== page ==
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Review: 'The Nightingales'
'Perish the Thought'   

-  Label: 'Tiny Global Productions'
-  Genre: 'Indie' -  Release Date: '5.10.18.'

Our Rating:
Yes Birmingham's most obtuse band are back with another album of dark brooding weird and wonderful music. Having already heard some of these songs played live at Rebellion in August just after I got the album to review I have to say they are well worth seeing live on tour with the incredible Near Jazz Experience this autumn.

The album opens with Wrong Headed Man a song I'd have called Hey Alligator but that's just me, it's a typical song by The Nightingales dark dank and with lyrics about who knows what just as you'd expect them to be, with Fliss Kitsons vocals working as a good counterpoint to Robert Lloyds normal mumbling.

The World And His Wife are all saving up to buy the new album on Vinyl or something like that as Fliss tries to sound a bit like Siouxie Soux as the normal wordy melodrama unfolds and the clattering drums and guitars tie it all together.

Enemy Of Promise sounds almost rapped in places while going off in all sorts of directions at once it's a mesmeric tsunami of ideas and sounds crashing into one another in typical Nightingales fashion.

Lucky Dip is really the bands attempt to sound like the contents of a Jamboree bag although Roberts voice is more like a licorice cigar than a pack of smarties all sorts of odd things are going on musically as the drums come in and out and then the guitars have a mental breakdown to freak us all out before they start singing about Jesus Christ being a refugee.

Chaff sounds like a combine harvester rolling over your brain as a Chiffchaff struggles to get out the way this song is well wheaty. Eventually that closes side one has some real funky bass and odd yelps and not much else.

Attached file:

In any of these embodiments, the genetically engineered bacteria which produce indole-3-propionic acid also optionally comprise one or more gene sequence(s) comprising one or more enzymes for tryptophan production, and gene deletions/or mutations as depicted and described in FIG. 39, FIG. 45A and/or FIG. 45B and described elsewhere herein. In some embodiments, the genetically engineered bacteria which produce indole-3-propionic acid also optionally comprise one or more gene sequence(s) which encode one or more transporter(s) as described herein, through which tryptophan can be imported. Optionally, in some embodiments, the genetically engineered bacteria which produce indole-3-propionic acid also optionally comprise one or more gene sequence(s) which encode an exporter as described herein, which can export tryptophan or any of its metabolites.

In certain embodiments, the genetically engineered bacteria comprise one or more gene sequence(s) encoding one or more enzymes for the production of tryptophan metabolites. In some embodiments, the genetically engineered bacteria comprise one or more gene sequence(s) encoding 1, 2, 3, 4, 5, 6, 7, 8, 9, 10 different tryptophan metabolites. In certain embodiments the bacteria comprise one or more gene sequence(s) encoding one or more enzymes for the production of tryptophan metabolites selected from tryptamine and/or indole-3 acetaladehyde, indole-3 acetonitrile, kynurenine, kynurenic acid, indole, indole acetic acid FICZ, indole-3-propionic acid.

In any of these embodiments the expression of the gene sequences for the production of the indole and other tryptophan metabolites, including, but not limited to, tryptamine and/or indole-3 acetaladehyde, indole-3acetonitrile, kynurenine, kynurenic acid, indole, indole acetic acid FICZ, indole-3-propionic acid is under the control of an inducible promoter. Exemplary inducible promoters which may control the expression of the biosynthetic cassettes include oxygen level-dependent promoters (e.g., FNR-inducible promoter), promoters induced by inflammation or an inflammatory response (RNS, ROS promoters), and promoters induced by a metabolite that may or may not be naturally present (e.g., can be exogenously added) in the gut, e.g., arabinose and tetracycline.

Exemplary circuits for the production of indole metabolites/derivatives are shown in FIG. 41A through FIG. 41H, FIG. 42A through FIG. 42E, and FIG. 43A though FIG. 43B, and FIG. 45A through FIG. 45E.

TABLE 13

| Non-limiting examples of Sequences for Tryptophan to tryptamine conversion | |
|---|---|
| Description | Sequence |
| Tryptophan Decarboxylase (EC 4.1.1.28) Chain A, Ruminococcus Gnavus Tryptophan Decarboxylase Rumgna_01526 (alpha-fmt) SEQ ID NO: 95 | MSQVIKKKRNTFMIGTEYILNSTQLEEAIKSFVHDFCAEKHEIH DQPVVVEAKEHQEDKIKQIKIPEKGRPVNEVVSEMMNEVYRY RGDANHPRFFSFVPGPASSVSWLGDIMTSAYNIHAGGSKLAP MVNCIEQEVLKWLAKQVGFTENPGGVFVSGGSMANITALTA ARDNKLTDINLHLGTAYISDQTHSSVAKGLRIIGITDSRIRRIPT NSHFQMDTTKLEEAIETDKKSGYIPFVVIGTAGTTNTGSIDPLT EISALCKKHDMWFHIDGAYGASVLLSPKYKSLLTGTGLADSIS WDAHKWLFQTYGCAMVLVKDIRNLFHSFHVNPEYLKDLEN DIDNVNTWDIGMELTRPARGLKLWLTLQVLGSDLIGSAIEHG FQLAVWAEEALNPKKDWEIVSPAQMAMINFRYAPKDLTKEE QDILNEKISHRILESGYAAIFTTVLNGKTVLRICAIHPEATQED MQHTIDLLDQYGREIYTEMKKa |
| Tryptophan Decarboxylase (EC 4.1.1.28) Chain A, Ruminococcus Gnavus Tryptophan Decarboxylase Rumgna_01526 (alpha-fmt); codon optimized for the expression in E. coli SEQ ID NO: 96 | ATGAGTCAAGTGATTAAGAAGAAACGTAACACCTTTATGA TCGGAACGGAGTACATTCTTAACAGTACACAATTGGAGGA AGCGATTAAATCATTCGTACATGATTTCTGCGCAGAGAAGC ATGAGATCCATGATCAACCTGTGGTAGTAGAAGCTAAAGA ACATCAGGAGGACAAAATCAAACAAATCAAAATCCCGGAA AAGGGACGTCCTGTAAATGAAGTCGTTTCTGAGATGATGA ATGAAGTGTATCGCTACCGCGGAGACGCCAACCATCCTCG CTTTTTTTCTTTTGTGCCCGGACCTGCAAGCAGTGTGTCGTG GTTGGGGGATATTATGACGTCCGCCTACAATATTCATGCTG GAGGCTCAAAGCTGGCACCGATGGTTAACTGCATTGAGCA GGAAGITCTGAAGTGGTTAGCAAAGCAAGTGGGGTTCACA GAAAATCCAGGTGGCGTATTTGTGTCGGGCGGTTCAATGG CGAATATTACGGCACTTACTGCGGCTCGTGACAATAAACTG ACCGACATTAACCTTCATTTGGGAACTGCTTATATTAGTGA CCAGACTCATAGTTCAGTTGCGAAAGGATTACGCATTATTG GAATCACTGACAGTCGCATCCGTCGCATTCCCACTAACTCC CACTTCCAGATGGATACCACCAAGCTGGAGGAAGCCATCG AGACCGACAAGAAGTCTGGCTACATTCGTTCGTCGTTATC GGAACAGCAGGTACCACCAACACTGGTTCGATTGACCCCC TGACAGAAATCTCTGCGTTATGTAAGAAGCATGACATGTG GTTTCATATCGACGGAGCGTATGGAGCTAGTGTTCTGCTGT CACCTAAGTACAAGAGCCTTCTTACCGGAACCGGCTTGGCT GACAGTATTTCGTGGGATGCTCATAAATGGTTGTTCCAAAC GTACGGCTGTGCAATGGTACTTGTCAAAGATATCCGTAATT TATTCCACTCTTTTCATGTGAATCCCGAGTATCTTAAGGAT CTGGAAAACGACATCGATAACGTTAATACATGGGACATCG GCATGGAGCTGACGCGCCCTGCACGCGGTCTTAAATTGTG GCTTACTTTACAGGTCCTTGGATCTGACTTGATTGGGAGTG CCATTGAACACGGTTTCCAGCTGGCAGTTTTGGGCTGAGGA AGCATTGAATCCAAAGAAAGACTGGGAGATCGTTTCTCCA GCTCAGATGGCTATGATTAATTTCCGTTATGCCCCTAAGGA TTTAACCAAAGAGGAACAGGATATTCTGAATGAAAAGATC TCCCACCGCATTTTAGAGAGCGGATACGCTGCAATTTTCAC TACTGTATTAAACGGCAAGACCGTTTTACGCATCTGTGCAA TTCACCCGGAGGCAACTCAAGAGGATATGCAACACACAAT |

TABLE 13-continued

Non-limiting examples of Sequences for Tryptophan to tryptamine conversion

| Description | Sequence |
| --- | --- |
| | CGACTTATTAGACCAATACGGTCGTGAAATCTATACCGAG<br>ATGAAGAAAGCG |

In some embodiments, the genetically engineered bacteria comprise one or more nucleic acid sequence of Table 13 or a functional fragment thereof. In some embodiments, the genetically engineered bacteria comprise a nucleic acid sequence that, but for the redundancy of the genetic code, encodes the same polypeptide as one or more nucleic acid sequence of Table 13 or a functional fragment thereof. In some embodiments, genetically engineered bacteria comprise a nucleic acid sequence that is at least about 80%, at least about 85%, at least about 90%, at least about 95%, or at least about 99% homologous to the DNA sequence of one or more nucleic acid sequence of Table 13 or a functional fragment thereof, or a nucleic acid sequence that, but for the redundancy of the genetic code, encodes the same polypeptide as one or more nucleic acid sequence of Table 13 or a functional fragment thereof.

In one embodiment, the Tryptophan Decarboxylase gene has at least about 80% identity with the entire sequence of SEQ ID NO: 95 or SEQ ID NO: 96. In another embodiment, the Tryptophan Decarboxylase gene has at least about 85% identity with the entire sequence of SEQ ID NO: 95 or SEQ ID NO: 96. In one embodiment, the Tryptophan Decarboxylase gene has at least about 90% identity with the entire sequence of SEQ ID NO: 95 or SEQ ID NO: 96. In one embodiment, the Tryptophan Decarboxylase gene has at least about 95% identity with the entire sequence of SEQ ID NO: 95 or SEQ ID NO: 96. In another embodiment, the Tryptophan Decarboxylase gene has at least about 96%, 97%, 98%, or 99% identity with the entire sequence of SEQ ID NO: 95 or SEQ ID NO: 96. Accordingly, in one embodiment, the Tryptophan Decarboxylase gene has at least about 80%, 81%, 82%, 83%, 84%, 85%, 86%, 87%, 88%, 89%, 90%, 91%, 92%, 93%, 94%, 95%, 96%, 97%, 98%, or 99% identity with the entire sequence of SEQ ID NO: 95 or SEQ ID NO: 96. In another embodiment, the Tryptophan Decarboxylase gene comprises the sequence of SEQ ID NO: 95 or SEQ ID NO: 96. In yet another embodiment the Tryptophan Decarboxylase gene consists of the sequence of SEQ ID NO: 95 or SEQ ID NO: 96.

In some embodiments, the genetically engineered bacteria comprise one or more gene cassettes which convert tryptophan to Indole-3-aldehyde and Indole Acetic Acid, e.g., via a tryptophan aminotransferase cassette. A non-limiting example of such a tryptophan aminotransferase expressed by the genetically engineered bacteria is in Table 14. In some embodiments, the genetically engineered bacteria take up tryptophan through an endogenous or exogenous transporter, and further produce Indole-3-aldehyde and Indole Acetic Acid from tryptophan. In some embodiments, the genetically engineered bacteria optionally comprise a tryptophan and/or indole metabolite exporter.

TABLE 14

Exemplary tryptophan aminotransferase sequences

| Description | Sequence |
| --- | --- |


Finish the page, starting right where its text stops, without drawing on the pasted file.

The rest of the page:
The b-side opens with Big Dave that is a typically atypical ordeal of a song about well Big Dave it seems to be ramming three songs into one being an urgent and slightly perplexing history of what happened to Big Dave that in places re-works the old Killer Pussy song Dial a Teen although I'm sure that's accidental as its such an obscure song.

Zero At the Bone has guitar parts at odds with the drums and descending vocals that take us on a trip to the darkest recesses of the brain. You Don't Know What You're Doing could be Robert listing all the things he's allegedly done wrong over the bands long career or a list of other grievances as the music clatters along and his vocals seem even deeper than usual.

The Last Minute is repeated in an almost slovenly manner by the backing vocalists while Robert tells us about what happens to him at The Last Minute in a typical Nightingales fashion. They then make an unlikely claim that (I'm A) People Person yeah right as a life making obtuse inaccessible underground indie music is the very definition of that, oh and yes I'd rather like to think of Robert glad handing and making everyone feel comfortable at all times.

The album closes with It Is that almost sounds Shoegazey at the start while Fliss is singing and then the raging guitars come in and Robert takes over and we've gone somewhere a lot darker more like a shot of Amphetamines to the system as the music swirls around and breaks down and off in odd ways as Fliss comes back in this is a very cool musical melodrama across its 6 minutes that of course goes a bit mad with the guitars during Roberts second verse this a cool way to close yet another cool album from the ever reliable The Nightingales.

Go and order a copy from https://uknightingales.bandcamp.com/album/perish-the-thought
  author: simonovitch

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